People often ask us where our favorite part of the country is. That is hard to answer - I have my choices narrowed down to 4 or 5 spots! All of them interesting and lovely and possible places to spend more time.
No one ever asks what the suckiest part of the US is.
That one is easy: I-80 through Wyoming. Now, don't get all twitchy if you live in or love Wyoming. It is a nice enough state. I happen to think it looks a lot like a colder, lonelier West Texas, but that is just my own little bitty no-count opinion. No, the real problem with Wyoming is crossing it on I-80. And even more specifically, the little bit between Cheyenne and Rawlins.
There, I've said it.
We often get stuck in Cheyenne waiting for the winds to die down enough to scurry across. If we are heavy (25-40k of freight), we can go if the sustained winds come down to around 25-30mph with gusts up to 55 or so. If we aren't very heavy (10k of freight or so), we try to wait for the winds to get down to around 20 mph with gusts around 30. Once, we sat for 2 days in Cheyenne waiting to do that 2 hour bit of driving.
Really, that's all it takes . . . just 2 hours or so.
But they can be the 2 hours that cost us our jobs if we are foolhardy.
We had come in from Memphis the morning before to howling gusts and decided to stop and assess things. Since it was New Year's Eve as well, we decided to hunker down and see what the morning brought.
That night as we were tucked in with all the other trucks in the Flying J lot, our truck shook and wobbled so much I wondered if it would stay upright. Really. I could picture the domino effect as one of the outer trucks slowly tipped over onto the truck beside it and the slow crash as it hit the one beside and on and on and on until they got to our snug little truck. That nasty oldstyle Freightliner with it's tarp covered load sitting just beside us suddenly became the menacing enemy. Not to mention the tanker that sat on the other side. Which way would the blow come from? Luckily, sleep took hold and I didn't have to lay awake too long!
When we got up New Year's morning, we found that we had a small window of calm before the next storm system came though. Well, calm is a relative term here. Sustained winds of 25 - 30 mph with gusts 55+. It was REALLY WINDY!!! We made the first part of the run heading West out of Cheyenne toward Laramie. There was some shaking and wiggling of the truck, but Tony was able to keep us mostly in our lane. We did opt for driving in the left lane so that we had some extra pavement to our right (where the wind wanted to blow us!). Whizzed through Laramie and decided to push on to Rawlins. Once we ran that stretch, the winds typically die down considerably (gusts below 30 mph) and we should be on our merry way.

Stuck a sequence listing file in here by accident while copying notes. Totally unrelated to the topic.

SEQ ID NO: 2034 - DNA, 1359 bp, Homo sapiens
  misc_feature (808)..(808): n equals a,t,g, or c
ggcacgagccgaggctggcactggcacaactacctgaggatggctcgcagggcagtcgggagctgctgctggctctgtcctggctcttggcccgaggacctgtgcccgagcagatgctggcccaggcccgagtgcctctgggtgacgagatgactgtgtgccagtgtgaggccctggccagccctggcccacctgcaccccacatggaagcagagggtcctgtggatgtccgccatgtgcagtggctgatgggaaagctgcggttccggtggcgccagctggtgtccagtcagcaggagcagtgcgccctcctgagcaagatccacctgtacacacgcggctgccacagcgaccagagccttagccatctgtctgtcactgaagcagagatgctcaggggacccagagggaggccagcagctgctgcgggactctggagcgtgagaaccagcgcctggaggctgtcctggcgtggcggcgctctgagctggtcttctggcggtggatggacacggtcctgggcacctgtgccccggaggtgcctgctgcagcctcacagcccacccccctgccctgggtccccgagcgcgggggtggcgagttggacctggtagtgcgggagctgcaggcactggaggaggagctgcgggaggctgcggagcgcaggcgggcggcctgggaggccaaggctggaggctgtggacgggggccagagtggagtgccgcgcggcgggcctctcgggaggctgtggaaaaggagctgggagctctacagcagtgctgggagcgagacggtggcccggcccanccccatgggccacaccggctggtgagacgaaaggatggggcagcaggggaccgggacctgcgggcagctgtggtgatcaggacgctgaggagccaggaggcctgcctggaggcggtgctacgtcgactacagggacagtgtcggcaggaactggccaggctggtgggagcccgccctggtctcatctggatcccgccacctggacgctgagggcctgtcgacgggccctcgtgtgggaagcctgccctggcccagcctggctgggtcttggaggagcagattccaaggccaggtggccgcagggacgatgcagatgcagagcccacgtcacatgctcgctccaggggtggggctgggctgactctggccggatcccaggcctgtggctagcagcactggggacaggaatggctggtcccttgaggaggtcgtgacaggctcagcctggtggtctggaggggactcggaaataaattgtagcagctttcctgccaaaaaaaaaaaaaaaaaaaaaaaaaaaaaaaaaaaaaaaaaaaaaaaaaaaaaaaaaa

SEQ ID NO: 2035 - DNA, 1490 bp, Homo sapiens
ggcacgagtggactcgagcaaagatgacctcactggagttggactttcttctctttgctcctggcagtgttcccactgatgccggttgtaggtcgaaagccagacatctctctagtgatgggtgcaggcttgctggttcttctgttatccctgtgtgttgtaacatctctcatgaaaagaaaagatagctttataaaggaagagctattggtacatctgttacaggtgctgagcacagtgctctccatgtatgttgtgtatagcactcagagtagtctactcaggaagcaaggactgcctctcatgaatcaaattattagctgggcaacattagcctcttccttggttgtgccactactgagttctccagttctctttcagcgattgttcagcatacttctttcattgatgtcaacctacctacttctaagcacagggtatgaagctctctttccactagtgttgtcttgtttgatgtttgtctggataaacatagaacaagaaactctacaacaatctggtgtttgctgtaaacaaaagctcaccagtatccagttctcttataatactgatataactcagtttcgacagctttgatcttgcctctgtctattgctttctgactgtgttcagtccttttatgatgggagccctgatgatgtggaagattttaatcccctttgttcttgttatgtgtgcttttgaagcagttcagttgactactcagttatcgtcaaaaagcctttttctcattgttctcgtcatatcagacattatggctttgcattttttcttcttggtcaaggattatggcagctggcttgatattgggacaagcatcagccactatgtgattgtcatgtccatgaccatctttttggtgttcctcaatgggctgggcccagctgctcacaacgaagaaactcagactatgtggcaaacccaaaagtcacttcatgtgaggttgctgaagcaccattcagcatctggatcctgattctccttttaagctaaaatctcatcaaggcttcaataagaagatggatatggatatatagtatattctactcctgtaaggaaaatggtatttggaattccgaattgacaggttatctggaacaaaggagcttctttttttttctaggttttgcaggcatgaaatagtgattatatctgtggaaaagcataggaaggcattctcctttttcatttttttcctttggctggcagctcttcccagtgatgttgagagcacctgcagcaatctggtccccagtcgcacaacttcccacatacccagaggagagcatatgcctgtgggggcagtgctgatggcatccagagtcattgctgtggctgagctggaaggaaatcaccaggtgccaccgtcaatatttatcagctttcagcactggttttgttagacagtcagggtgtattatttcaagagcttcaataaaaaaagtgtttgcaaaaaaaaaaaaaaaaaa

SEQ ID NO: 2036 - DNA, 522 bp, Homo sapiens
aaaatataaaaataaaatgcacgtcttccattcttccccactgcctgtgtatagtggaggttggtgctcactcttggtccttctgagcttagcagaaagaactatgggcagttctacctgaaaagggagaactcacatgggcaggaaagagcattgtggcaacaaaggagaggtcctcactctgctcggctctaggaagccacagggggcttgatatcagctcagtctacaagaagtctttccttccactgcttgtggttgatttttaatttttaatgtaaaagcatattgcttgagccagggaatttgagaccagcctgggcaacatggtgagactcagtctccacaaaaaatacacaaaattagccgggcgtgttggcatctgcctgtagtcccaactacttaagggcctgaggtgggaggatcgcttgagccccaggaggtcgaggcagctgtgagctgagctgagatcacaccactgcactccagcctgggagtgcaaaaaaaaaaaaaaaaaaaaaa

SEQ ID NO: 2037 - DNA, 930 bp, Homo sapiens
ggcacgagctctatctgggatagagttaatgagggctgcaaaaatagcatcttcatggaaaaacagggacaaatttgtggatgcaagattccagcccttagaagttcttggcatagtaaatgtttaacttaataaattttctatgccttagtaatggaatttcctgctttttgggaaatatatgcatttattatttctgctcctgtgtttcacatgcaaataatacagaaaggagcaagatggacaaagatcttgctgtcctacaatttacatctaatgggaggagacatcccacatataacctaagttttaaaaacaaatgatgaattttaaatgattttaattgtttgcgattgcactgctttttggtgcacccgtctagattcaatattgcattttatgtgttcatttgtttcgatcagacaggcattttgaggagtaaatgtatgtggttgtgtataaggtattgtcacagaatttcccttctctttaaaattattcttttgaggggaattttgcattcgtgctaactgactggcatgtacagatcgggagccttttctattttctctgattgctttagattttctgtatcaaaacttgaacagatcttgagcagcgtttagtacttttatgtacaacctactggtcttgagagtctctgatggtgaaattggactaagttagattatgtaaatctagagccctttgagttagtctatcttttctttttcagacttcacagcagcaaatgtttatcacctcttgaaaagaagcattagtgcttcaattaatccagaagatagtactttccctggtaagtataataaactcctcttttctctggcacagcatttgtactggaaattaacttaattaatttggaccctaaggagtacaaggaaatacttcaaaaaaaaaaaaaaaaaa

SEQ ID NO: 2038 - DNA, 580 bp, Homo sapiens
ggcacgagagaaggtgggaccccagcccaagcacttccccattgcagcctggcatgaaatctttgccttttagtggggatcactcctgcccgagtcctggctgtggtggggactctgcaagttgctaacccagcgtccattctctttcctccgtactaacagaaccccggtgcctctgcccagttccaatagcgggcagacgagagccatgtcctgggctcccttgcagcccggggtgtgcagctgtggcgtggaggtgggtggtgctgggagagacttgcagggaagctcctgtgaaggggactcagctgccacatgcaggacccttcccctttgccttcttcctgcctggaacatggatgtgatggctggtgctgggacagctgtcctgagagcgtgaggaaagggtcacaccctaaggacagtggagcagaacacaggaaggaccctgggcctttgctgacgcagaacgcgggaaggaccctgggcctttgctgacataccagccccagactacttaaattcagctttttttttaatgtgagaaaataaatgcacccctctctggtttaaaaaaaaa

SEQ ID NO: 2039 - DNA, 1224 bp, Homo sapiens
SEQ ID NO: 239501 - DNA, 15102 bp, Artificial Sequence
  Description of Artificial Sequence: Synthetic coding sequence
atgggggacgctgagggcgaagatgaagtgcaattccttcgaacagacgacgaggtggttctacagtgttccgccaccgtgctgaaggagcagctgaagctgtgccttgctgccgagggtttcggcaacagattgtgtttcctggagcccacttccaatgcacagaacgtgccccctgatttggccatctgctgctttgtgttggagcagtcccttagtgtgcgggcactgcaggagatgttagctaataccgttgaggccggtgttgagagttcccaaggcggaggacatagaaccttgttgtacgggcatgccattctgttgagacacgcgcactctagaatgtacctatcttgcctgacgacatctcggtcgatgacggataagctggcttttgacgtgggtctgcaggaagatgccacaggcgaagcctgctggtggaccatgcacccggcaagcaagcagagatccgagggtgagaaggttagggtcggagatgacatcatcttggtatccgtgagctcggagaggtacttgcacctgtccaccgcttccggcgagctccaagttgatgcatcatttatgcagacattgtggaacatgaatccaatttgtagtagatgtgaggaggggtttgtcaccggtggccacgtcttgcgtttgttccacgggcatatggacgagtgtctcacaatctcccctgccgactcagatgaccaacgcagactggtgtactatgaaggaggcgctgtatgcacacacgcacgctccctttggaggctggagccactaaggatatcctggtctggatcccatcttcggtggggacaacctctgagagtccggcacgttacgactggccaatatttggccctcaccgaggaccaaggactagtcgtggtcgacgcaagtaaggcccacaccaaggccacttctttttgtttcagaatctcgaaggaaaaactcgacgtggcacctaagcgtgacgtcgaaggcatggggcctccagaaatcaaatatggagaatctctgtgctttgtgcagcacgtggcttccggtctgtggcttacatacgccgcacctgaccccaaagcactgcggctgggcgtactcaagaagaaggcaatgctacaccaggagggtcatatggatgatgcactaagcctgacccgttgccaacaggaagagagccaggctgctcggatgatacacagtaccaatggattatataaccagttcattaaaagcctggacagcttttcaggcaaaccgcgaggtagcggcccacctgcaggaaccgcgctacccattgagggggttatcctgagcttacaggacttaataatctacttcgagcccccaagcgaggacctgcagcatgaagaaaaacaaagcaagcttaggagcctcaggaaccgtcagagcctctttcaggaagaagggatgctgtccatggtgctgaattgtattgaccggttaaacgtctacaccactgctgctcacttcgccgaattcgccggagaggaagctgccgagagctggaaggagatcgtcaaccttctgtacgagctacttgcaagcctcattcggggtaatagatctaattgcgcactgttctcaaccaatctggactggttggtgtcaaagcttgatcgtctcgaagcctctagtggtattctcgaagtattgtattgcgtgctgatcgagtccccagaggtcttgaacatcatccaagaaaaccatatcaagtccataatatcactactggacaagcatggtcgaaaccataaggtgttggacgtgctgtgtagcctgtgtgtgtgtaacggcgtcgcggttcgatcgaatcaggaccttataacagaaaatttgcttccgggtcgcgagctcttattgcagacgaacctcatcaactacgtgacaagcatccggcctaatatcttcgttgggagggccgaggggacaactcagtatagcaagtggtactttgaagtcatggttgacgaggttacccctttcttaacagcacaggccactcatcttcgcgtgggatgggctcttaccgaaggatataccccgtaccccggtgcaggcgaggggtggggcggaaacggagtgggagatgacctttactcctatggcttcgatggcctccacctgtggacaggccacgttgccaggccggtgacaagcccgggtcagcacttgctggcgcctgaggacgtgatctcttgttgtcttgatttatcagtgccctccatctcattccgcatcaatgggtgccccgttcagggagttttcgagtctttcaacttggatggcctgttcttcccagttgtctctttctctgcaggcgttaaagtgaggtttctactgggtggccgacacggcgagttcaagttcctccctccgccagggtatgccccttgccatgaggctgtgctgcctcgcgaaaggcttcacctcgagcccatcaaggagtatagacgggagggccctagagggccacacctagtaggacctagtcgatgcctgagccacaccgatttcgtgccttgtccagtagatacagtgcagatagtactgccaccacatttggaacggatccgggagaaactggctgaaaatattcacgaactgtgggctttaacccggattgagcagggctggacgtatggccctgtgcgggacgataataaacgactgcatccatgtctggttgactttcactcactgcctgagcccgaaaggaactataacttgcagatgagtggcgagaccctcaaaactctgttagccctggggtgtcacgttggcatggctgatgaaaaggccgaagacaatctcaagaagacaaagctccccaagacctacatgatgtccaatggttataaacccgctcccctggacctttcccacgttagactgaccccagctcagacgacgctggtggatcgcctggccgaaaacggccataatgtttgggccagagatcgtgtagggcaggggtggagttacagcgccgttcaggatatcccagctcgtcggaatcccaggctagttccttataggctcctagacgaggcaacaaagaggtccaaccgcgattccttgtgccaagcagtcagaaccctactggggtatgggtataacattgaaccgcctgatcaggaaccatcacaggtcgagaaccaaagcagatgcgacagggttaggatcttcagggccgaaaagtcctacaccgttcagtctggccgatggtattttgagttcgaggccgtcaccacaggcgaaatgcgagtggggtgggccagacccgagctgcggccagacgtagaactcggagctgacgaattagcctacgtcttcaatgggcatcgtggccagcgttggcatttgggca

Off we go.
It was in this stretch that we came upon the blown over truck. 2 trucks had already stopped to assumedly help, so we pushed on. We were able to see that it wasn't a Con-Way/CFI trailer, but still felt bad for the driver anyway. The headlights were still on and the wheels still spinning - could have been us!?!?! No way to know what kind of load he/she was trying to come through with - weight is the real factor here.
After we made it to Laramie and took on fuel and food, Tony and I were able to talk about the run and each admit what had been going though our minds on the way through. I had decided that I should get out of my jammies and have shoes on as well. I also put on a vest and had my cell phone in my pocket. Holding Leo in my lap felt like that would be his best shot if we went over. Tony admitted to having many of the same plans and thoughts. Sure, we could laugh about it then - no one lost an eye or anything!
So, that's the suckiest part of the US for us. We have to run it often. We see blown over trucks on that stretch. Often. As we sit in Portland, Oregon waiting on a load, there is a 50/50 that we will turn around and head back in that direction. Yipeeeeee. The good news is that the dangerous wind isn't so bad if you are running East. At least, I think so. Hmmmm - I don't remember that it has ever been a problem for us going East, has it? Something new to worry about . . . . . . . . .